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Flipped Classroom: Home


Flipped Classroom

What is it?

Traditionally, students come to class to listen to a lecture, and then practice skills on their own as homework. A flipped classroom “flips” this approach - students engage with preparatory materials (lectures, readings, etc.) before coming to class. Then the class period is used for practice opportunities including group discussions, activities, role-playing, simulated patients, etc. 


Advantages of this approach include:

  • Class time is spent engaging in more active learning 
  • More opportunities for feedback 
  • Deeper learning, increased retention 
  • Can create a more inclusive classroom environment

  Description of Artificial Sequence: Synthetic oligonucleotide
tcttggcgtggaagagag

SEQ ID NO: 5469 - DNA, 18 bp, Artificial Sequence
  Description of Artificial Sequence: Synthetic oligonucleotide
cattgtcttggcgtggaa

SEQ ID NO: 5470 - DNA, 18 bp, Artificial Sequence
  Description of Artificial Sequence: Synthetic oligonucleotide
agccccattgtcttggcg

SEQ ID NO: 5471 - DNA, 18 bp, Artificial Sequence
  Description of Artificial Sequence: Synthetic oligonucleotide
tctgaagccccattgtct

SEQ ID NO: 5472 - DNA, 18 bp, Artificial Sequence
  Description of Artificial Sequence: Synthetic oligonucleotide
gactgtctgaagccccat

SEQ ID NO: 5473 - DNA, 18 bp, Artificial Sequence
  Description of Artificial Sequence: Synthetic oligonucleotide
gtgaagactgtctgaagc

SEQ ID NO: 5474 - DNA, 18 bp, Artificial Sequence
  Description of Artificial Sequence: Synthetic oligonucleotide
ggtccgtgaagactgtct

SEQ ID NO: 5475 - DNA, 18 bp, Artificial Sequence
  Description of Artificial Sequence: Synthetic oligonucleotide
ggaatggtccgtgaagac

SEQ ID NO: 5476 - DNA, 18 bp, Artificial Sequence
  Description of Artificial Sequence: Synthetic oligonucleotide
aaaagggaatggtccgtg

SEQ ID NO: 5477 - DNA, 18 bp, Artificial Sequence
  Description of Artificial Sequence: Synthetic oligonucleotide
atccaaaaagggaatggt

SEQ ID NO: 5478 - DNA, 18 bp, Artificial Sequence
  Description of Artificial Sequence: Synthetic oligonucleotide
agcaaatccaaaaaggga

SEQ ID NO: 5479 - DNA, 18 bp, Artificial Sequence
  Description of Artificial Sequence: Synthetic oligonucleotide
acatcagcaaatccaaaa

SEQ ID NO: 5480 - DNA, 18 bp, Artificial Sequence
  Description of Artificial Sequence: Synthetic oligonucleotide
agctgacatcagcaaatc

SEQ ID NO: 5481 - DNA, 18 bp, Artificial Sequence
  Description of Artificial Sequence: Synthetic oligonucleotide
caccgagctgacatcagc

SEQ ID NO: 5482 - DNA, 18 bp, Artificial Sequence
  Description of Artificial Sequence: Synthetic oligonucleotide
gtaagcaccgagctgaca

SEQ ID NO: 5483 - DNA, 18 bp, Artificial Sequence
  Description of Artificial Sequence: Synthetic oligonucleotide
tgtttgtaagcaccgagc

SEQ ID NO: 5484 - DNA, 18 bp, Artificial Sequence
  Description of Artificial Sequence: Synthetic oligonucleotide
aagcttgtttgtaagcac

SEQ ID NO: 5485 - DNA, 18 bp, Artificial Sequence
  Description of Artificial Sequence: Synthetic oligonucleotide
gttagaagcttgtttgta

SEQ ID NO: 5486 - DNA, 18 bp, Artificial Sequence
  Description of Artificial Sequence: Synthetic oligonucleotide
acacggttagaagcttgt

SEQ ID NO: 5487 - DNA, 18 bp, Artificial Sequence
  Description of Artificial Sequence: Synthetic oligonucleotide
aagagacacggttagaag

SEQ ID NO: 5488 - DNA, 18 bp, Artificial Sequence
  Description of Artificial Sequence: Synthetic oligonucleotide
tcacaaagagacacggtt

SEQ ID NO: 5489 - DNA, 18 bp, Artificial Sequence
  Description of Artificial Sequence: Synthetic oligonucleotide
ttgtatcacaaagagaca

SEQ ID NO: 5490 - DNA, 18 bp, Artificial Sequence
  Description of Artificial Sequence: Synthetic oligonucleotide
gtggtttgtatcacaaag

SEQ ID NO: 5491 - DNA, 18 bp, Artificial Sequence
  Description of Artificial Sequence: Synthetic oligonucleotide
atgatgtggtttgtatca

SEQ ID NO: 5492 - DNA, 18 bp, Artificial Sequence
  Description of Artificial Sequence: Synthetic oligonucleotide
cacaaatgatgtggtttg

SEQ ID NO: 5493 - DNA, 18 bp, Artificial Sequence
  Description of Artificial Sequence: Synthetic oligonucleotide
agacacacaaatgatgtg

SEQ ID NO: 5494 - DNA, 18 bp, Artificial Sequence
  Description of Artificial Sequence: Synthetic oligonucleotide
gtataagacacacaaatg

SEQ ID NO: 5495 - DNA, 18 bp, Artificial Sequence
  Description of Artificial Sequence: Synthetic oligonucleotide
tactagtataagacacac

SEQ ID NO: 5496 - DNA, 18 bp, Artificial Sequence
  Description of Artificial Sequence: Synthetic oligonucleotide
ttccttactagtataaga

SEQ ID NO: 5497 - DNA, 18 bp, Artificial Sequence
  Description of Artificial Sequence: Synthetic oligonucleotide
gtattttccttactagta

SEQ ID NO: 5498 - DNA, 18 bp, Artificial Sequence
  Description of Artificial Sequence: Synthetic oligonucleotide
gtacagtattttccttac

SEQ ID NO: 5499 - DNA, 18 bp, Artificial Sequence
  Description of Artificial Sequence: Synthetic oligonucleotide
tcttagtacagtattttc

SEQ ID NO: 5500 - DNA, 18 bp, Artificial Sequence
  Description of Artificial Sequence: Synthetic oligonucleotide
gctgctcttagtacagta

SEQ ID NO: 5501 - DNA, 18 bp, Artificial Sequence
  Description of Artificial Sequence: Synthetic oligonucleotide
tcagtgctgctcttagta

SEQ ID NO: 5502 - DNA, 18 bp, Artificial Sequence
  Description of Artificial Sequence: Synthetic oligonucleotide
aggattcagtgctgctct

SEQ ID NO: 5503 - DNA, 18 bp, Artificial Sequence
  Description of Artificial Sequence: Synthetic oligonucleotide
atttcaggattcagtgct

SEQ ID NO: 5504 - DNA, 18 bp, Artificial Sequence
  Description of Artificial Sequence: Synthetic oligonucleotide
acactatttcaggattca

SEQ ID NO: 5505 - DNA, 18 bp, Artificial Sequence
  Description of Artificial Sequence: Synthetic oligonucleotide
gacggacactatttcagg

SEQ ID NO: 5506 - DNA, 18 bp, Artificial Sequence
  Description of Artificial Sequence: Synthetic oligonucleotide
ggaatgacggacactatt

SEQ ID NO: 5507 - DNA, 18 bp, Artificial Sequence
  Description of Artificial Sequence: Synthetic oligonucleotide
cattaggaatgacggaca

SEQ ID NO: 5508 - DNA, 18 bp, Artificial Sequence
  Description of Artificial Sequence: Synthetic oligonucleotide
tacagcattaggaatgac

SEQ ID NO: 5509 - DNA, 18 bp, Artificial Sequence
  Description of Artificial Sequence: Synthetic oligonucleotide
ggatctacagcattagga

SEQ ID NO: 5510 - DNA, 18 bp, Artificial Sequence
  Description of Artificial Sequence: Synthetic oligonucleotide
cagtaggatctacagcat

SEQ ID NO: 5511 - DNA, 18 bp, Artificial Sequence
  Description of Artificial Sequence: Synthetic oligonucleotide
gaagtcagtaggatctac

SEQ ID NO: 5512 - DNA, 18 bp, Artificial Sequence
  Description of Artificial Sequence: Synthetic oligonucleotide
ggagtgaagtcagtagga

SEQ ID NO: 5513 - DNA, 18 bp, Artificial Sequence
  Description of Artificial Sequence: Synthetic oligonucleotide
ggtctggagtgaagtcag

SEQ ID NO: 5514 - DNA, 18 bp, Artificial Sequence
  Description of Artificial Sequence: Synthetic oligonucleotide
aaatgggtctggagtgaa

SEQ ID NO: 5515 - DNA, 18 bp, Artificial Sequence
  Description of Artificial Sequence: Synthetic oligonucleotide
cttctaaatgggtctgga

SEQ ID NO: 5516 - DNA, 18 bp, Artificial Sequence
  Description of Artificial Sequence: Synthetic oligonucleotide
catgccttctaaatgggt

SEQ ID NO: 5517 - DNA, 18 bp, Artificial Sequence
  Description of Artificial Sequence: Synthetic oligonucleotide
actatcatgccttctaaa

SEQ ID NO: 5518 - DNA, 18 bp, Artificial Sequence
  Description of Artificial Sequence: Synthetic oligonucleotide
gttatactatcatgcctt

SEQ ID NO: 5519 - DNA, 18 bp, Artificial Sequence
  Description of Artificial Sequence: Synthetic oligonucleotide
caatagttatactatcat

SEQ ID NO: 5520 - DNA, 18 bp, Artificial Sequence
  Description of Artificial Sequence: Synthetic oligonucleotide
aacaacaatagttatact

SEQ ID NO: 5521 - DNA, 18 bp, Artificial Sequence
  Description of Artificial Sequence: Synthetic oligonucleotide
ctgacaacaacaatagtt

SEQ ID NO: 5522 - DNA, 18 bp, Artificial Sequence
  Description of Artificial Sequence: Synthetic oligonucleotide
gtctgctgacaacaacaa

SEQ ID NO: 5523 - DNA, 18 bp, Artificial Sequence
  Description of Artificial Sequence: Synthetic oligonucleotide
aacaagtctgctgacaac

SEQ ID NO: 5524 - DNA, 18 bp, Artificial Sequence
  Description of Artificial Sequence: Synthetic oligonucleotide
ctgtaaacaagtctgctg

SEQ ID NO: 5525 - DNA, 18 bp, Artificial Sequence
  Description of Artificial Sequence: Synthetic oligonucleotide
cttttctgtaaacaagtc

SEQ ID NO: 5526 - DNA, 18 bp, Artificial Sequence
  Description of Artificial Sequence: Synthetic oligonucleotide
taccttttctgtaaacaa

Some challenges of this approach include:

  • Can be time consuming on the “front end” to prepare the pre-class materials (ex. Recorded lectures)
  • Students may be unfamiliar with this model and be wary about it
  • Relies on students doing the preparatory work
  • Not usually applicable for classes that are taught asynchronously


Examples and Implementation

A schedule for a flipped classroom might look like this: 


Before class: Students watch a pre-recorded video lecture about preparing teeth for crowns and answer embedded quiz questions 

In class: Students practice doing the tooth preps on models then trade models with a classmate and provide constructive feedback to one another. 

After class: Students create a guide sheet on tooth preps which synthesizes the steps and guidance from the American Dentistry Association.  


Use the Google Plug-in below to find articles about educators who have implemented flipped classrooms in your discipline.



Google Scholar Search